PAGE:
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[Epub] ➢ The Mars Room ➣ Rachel Kushner – Eiyo.us

The Mars RoomIt S 2003 And Romy Hall, Named After A German Actress, Is At The Start Of Two Consecutive Life Sentences At Stanville Women S Correctional Facility, Deep In California S Central Valley Outside Is The World From Which She Has Been Severed Her Young Son, Jackson, And The San Francisco Of Her Youth Inside Is A New Reality Thousands Of Women Hustling For The Bare Essentials Needed To Survive The Bluffing And Pageantry And Casual Acts Of Violence By Guards And Prisoners Alike And The Deadpan Absurdities Of Institutional Living, Portrayed With Great Humor And Precision.

[Epub] ➢ The Mars Room ➣ Rachel Kushner – Eiyo.us
  • Paperback
  • 352 pages
  • The Mars Room
  • Rachel Kushner
  • English
  • 25 May 2017
  • 9781476756585

    10 thoughts on “[Epub] ➢ The Mars Room ➣ Rachel Kushner – Eiyo.us


  1. says:

    2 1 2 stars It s taken me a long time to admit that I just didn t like The Mars Room very much Even as I was struggling to keep my eyes on the page, keep reading, and not get distracted by that piece of fluff on the floor, I was doing my best to write a positive review in my head.I thought I would love it It felt like I should What doesn t sound great about a gritty prison novel dissecting class, wealth and other power structures in the penal system Diverse characters, complicated family dynamics, and unfair bullshit that sees poor, working class women given shoddy legal representation Sign me up to be pissed off in the way that leads to 5 star ratings.But I found this book so disjointed, aloof and boring Even Romy s first person chapters felt distant and impersonal, like she was looking down on events from far away and not living them Perhaps this is some kind of literary technique, but it did nothing except make me feel completely disconnected.I understand the importance of The Mars Room It takes a look at how socioeconomic factors affect rate of incarceration, the quality of legal defense received, and recidivism The pro...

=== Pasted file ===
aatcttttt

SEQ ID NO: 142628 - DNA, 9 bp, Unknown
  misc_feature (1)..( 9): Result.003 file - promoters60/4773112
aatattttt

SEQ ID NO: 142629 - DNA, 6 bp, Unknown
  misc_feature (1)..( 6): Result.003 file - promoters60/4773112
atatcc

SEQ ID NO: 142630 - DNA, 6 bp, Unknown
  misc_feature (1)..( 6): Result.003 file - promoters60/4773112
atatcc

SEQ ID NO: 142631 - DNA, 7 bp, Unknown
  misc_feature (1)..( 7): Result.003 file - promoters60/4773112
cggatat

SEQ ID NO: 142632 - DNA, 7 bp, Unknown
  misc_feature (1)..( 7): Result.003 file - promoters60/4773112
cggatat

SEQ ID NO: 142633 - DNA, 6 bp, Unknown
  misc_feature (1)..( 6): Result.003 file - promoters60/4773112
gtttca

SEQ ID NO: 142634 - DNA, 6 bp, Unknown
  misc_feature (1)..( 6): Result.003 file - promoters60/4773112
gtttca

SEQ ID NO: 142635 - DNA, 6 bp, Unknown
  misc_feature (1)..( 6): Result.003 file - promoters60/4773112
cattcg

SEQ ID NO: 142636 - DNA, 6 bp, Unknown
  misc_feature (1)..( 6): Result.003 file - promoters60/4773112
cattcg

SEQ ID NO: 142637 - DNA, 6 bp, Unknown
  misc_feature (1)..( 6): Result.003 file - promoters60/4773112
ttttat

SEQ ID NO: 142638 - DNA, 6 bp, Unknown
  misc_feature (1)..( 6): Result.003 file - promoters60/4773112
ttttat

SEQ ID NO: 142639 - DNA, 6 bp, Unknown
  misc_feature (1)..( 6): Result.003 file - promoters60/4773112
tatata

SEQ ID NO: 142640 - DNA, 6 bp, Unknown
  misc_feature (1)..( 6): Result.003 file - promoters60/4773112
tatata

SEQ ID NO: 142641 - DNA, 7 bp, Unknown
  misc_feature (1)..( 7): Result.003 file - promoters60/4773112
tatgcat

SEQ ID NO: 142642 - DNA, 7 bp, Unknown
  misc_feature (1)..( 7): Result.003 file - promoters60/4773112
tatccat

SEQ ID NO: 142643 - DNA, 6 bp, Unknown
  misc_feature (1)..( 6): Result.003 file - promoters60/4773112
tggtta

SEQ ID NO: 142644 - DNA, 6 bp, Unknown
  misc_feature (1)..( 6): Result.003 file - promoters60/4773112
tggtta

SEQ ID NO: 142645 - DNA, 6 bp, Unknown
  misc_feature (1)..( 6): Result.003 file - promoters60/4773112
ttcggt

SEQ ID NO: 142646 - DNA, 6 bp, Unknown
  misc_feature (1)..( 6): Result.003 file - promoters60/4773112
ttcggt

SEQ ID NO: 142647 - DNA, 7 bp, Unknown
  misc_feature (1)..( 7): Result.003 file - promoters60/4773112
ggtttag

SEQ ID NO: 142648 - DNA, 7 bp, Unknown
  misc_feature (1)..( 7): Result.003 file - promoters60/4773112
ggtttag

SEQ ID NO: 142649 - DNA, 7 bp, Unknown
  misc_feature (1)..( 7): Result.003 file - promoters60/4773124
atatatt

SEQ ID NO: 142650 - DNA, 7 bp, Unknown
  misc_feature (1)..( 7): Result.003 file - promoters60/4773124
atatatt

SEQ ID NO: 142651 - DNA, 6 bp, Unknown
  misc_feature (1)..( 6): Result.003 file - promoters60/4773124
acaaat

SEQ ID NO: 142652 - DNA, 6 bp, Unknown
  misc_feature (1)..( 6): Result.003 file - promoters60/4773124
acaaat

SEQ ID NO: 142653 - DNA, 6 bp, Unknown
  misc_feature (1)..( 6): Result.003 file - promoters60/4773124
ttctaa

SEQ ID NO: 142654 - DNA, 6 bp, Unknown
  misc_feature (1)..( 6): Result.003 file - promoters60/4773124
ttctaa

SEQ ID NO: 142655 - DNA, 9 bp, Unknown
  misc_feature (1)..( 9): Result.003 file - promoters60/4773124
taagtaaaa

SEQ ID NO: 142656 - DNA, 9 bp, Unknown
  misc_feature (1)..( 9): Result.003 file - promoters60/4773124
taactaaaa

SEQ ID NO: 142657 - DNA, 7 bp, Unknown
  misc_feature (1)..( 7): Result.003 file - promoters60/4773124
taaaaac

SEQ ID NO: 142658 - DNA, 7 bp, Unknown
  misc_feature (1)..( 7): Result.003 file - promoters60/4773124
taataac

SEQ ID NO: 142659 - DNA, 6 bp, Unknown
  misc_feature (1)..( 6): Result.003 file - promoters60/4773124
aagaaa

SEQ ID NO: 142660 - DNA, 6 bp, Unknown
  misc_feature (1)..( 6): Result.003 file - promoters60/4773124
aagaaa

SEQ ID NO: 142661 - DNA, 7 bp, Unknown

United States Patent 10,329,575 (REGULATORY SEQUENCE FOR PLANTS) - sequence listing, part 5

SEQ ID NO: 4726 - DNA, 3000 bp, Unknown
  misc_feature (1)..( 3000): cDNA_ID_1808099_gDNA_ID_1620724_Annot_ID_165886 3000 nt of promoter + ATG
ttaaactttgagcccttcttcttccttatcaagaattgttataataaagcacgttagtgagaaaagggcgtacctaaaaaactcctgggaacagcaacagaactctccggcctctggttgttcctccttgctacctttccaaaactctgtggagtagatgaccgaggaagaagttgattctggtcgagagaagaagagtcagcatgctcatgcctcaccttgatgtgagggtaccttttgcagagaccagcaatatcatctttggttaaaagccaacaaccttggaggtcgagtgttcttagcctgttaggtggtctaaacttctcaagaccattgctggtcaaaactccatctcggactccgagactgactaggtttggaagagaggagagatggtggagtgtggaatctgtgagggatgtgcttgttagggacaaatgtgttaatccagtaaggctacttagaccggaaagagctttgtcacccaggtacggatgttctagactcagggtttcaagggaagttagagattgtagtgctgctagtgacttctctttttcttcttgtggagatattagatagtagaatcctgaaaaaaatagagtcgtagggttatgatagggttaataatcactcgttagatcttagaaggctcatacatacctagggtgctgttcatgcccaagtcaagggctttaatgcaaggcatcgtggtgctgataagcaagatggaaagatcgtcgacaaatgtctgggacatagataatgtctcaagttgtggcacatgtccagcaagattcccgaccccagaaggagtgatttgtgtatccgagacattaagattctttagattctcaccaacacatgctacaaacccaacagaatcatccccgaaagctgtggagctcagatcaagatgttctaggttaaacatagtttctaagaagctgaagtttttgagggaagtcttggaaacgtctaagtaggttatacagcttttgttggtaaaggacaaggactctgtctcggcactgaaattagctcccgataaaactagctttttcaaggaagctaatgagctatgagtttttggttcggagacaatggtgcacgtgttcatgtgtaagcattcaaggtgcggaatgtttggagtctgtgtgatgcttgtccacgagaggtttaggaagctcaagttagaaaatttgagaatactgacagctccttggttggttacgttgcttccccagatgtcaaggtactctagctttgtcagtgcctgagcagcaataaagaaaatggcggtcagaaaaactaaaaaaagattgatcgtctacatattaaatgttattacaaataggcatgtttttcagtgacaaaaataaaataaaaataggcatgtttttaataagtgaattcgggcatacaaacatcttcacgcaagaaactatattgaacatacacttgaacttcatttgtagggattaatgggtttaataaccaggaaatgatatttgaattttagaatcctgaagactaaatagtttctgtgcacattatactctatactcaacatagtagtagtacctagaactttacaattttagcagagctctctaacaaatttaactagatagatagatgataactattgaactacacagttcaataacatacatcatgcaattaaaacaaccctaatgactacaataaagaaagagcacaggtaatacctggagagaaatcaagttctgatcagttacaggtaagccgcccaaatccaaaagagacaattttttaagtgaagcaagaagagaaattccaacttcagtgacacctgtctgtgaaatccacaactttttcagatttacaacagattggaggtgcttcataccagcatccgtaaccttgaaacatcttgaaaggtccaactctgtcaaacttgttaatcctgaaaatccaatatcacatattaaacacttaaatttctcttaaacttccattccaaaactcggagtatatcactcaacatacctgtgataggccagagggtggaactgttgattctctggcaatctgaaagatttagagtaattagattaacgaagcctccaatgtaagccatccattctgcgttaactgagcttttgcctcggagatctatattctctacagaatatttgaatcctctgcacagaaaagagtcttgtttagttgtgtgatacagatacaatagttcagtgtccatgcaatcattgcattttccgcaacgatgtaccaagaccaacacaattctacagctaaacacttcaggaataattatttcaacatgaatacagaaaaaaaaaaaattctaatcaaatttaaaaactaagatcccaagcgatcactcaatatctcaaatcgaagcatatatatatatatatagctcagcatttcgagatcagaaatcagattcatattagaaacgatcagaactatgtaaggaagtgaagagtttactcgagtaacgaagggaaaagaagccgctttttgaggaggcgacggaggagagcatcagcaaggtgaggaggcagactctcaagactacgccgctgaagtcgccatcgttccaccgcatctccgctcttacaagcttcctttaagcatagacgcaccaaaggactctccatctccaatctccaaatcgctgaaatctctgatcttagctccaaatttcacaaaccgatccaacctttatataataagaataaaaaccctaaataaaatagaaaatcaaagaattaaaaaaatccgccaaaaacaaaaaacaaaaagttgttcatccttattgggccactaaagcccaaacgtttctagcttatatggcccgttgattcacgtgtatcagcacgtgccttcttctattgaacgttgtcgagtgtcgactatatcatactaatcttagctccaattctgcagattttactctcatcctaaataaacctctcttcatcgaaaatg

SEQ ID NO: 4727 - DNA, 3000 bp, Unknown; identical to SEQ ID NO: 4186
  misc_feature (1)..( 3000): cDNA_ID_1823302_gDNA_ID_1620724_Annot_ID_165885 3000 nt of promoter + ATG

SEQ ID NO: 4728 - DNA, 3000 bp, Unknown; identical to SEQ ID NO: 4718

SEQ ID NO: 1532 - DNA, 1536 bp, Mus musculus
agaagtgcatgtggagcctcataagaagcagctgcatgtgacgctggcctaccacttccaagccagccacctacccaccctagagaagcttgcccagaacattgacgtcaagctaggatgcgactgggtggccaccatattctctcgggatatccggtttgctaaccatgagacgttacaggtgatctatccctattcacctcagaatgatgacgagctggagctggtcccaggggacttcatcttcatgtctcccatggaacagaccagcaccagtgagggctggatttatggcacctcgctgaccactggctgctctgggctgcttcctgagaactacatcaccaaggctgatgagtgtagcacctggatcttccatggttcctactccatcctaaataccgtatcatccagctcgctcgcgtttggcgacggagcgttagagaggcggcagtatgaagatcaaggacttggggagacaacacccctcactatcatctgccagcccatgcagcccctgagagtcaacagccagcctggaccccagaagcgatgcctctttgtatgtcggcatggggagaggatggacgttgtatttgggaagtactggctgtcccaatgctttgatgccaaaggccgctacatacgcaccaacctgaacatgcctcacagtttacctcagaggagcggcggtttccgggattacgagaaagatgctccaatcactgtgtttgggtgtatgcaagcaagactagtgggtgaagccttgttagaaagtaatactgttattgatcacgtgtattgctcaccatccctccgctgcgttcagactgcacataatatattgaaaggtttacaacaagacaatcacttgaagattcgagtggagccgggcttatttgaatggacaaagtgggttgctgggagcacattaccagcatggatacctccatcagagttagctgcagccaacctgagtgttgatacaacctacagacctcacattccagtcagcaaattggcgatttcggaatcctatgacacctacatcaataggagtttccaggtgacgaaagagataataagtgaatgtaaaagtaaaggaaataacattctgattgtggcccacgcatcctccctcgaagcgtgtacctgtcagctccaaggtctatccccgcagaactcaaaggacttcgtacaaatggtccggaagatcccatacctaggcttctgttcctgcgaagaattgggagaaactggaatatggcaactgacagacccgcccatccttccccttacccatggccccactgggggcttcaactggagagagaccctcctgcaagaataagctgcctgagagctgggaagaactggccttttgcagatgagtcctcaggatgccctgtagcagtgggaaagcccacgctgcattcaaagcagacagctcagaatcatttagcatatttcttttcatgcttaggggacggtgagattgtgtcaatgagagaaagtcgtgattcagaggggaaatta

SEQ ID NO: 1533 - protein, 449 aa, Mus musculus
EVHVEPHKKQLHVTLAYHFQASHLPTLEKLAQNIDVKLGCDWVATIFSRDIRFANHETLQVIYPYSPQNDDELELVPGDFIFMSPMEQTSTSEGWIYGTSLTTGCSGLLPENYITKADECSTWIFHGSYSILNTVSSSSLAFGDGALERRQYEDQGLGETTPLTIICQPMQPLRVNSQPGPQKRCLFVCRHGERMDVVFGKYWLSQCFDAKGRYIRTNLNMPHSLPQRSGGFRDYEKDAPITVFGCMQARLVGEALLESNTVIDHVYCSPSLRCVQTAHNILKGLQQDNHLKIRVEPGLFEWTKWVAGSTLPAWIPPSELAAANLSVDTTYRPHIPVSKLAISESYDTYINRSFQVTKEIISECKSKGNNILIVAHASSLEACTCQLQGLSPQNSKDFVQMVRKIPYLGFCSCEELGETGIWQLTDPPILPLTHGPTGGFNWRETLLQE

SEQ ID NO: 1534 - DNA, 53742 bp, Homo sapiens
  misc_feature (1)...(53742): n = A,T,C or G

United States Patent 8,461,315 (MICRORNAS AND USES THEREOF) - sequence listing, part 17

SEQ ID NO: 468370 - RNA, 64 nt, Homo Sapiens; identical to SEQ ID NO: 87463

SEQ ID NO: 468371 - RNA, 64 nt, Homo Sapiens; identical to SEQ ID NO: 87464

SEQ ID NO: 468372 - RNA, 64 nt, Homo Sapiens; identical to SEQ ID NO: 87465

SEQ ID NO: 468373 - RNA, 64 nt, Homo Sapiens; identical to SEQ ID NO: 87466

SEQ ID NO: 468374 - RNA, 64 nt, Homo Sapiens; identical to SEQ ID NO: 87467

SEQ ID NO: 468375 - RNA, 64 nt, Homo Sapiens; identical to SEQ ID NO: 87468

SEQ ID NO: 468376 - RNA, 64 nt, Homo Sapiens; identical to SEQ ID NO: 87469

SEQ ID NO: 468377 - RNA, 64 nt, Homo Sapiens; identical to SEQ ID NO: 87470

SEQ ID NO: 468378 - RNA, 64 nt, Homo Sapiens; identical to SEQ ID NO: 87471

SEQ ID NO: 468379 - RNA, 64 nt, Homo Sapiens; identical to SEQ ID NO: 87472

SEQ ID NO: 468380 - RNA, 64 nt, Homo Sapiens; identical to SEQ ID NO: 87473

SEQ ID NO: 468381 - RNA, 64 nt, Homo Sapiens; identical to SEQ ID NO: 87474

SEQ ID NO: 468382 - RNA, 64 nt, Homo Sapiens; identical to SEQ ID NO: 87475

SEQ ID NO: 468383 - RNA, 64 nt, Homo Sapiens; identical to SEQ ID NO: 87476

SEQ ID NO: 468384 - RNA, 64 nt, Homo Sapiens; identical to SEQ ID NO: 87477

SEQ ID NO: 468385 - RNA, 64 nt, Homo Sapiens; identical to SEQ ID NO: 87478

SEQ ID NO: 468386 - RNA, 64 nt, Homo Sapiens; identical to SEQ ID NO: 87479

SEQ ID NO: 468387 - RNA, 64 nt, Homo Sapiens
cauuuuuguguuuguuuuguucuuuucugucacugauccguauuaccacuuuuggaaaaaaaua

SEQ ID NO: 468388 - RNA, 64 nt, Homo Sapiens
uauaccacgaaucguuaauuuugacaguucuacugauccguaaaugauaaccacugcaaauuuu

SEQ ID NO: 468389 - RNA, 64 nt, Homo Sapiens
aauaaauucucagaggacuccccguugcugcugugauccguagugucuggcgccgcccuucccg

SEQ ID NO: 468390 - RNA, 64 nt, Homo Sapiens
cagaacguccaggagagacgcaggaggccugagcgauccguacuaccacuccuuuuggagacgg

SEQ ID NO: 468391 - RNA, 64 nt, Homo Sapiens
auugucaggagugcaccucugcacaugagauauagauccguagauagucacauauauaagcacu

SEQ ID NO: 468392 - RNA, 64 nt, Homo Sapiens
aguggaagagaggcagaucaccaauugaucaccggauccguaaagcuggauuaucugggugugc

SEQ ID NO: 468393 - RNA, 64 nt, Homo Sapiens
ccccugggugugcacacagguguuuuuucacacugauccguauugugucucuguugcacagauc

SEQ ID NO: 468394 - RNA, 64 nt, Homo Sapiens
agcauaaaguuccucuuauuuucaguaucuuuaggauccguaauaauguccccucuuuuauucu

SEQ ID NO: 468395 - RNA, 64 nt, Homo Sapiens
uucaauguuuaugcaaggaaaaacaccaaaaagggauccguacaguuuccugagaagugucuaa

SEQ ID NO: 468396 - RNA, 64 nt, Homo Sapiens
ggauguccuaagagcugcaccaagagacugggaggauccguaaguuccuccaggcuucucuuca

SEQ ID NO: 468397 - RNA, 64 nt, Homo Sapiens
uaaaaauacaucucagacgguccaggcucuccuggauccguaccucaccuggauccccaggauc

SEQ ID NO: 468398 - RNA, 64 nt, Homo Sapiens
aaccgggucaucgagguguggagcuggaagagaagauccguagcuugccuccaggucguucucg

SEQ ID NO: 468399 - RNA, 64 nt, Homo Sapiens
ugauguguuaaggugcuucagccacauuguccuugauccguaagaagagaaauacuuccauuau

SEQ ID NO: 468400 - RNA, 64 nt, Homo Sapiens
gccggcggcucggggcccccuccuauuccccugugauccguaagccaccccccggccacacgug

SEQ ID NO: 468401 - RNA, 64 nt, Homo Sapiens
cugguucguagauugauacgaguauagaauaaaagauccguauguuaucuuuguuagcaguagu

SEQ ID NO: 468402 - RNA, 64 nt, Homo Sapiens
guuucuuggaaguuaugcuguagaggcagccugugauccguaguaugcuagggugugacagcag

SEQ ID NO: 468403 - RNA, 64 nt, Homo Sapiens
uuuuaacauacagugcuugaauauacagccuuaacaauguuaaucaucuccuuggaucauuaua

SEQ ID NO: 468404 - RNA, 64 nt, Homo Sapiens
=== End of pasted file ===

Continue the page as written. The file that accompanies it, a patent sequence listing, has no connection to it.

2. says:

    3.5 stars I read an in depth article in New Yorker Magazine that made it apparent why Rachel Kushner can so vividly bring her characters in this book to life The link to the article is below She followed an inmate at a California prison because she wanted to have people in her life that the State of California rendered invisible to others She brings these real people to us through a cast of characters in her fictional account of life in prison This book definitely depicts experiences that are far removed from mine Not just in the prison but the world where the prisoners came from strip cubs , doing and dealing drugs, hit jobs, getting beaten, enduring abuse as children I found this stressful to read and it was definitely out of my comfort zone But that s not a bad thing as I learned It s vulgar at times, brutal a lot of the time, raw most of the time and I assume pretty realistic given the research that the author has done.While we come to know the stories of a number of characters, this felt like it was mostly Romy Hall s story A single mother, formerly a stripper at The Mars Room, Romy has killed a man who stalked her, is serving two consecutive life sentences plus 6 years There are other inmates whose stories we learn Fernandez, Bette, and Doc in the men s prison We come to know someone from the outside, Gordon Hauser, a prison teacher who gets inv...


  3. says: